Samsung has unveiled a new generation of high-bandwidth DRAM chips called Flashbolt.
These are the first chips based on the Korean chaebol's updated High Bandwidth Memory (HBM2E) model, and is the fastest the company has ever produced. Samsung claims that Flashbolt is 33 per cent faster than the previous generation HBM2 system, but there's currently no information on when the new technology will reach the market.
HBM silicon is different from chips used in mainstream memory formats like DDR4 and DDR5, so Flashbolt will not be offered as a server upgrade. Instead, Samsung expects it will be used in GPUs, supercomputers and devices for artificial intelligence training.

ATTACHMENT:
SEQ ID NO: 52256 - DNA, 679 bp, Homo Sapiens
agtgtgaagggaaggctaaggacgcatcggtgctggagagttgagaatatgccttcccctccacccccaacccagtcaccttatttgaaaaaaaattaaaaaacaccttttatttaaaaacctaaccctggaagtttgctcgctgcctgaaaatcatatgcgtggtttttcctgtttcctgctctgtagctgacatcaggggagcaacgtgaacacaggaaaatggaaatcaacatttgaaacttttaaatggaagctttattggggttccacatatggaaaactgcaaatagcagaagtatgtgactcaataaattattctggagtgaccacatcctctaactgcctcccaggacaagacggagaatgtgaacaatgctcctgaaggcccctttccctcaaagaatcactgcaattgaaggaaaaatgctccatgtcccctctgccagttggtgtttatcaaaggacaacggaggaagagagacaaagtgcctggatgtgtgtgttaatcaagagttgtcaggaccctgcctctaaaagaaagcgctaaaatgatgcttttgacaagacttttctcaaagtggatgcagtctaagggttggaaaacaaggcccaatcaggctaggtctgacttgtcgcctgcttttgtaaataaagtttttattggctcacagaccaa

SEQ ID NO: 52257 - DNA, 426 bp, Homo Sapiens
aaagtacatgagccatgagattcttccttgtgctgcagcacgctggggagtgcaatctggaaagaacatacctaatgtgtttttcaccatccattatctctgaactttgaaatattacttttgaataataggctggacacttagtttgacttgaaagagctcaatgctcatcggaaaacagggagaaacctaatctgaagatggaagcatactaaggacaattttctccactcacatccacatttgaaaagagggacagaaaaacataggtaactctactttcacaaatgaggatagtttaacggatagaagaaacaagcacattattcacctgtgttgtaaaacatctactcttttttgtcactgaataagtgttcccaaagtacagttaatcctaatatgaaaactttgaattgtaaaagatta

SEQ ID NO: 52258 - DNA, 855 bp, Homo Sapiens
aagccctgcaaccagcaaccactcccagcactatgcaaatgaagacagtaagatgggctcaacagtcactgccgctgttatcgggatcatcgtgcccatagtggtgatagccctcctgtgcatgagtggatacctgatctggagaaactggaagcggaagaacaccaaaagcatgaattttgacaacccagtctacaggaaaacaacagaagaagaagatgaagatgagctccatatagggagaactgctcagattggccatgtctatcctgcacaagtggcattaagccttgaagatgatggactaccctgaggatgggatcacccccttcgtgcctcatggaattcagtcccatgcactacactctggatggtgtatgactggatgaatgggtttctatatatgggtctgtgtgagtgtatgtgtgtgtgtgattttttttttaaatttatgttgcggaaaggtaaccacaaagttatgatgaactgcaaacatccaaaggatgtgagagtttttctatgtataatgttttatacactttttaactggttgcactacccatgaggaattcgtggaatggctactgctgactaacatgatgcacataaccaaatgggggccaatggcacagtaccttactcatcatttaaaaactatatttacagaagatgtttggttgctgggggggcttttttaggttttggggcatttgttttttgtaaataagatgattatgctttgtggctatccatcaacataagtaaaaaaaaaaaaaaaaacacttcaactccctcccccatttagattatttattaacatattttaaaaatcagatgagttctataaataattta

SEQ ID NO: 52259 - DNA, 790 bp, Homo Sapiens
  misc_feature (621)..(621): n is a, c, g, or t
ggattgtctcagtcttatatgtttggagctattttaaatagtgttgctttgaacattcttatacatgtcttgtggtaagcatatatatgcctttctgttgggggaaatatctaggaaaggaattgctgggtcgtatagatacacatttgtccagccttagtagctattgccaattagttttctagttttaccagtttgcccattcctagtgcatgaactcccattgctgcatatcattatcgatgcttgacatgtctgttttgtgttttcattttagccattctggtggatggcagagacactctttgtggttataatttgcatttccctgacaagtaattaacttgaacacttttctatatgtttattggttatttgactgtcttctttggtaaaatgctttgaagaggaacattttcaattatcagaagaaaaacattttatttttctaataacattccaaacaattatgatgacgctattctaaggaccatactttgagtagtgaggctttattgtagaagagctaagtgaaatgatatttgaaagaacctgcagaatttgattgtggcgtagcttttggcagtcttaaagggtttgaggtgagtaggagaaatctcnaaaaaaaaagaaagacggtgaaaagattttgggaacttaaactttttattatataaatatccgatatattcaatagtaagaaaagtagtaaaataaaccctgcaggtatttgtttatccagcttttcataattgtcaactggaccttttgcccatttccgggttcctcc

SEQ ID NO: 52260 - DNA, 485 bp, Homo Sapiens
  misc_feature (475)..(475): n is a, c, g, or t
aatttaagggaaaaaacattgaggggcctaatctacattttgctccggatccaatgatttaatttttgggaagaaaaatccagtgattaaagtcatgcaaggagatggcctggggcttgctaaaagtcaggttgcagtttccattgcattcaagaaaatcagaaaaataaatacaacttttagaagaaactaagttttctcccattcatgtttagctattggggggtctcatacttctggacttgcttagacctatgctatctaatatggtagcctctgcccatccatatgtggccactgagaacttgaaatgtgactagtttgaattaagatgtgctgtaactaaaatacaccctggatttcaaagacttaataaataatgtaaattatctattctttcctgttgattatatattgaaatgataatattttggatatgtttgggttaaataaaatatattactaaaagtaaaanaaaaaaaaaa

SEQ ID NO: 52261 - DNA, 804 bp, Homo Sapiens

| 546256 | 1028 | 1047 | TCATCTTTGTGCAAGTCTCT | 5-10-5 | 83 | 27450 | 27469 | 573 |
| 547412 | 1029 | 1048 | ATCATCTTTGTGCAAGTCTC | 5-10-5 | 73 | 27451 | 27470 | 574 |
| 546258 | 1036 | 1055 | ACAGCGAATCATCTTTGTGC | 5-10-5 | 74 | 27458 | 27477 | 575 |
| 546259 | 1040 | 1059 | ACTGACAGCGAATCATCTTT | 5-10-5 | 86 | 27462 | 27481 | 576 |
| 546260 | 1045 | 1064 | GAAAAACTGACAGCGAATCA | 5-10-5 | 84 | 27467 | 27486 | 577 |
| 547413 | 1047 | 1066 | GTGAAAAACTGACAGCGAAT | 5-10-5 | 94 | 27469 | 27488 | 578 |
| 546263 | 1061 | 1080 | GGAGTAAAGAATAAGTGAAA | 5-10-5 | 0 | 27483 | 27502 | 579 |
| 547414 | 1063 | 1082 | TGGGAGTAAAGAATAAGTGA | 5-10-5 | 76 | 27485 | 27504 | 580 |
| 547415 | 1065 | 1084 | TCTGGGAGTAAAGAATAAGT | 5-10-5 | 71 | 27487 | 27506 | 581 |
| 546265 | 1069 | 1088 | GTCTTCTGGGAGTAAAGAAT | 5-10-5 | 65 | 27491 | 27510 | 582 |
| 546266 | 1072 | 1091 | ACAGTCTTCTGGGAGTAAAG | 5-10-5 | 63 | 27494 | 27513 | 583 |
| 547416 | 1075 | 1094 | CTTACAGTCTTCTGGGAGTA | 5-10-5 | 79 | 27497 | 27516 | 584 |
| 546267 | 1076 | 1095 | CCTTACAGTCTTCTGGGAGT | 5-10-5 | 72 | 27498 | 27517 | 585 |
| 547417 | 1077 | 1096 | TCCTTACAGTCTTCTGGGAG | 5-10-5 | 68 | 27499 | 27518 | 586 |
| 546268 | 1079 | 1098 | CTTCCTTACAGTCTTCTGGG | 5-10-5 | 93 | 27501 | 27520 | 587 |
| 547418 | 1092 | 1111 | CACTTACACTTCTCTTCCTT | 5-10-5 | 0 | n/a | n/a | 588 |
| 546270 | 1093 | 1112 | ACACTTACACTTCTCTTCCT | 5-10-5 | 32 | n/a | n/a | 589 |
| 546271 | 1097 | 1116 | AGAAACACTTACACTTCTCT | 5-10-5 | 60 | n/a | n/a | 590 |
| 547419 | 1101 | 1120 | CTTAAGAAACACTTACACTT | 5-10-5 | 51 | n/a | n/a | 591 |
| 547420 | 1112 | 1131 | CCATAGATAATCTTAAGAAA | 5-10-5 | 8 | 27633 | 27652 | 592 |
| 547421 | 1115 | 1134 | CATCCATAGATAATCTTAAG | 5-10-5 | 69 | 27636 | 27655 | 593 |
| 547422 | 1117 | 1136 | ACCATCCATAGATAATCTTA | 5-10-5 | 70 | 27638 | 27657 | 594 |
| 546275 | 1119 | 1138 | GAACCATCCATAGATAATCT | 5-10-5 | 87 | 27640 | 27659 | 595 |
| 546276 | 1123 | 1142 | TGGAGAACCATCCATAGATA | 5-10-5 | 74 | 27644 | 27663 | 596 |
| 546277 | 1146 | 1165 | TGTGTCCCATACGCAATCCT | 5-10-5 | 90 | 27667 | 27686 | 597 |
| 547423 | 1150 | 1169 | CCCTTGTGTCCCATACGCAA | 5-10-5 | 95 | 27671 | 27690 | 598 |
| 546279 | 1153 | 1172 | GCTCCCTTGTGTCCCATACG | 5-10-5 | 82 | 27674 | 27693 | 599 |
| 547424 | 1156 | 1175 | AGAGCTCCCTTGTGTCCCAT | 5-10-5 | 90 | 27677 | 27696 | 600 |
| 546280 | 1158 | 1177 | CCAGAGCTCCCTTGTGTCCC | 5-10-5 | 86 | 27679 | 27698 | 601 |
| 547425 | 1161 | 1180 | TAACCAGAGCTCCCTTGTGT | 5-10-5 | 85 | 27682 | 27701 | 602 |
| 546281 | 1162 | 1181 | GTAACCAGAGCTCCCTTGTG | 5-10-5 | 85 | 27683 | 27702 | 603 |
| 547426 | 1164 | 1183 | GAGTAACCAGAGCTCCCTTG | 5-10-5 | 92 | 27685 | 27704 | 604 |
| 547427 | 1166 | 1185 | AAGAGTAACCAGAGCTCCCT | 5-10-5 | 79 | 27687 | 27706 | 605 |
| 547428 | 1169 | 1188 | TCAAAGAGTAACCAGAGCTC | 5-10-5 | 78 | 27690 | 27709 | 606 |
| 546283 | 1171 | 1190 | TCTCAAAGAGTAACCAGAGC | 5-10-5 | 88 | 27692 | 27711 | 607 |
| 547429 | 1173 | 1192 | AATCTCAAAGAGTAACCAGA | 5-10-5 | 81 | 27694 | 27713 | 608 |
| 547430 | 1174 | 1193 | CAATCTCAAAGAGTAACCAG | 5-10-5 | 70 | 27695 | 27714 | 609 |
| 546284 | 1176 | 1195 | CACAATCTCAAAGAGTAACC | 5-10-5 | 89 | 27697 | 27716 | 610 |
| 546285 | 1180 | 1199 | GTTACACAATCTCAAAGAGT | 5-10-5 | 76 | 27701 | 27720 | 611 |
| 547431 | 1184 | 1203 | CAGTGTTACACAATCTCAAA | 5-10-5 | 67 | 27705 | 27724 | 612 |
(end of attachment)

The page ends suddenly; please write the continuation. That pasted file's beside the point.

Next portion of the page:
The name follows the same conventions as Samsung's previous memory products, Aquabolt and Flarebolt, but relies on a radically different architecture: HBM2E can accommodate 16Gb per die, twice as much as HBM2 used in Aquabolt, and offer transfer rates of 3.2Gbps per pin.
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This means a single Samsung HBM2E package can offer 410GB/s (yes, gigabytes, this is not a typo) of bandwidth and 16GB of capacity.
"Flashbolt's industry-leading performance will enable enhanced solutions for next-generation data centers, artificial intelligence, machine learning, and graphics applications," said Jinman Han, senior veep of memory product planning and application engineering at Samsung.
"We will continue to expand our premium DRAM offering, and improve our 'high-performance, high capacity, and low power' memory segment to meet market demand."
To find out why the world needs HBM, check out Chris Mellor's extensive analysis. ®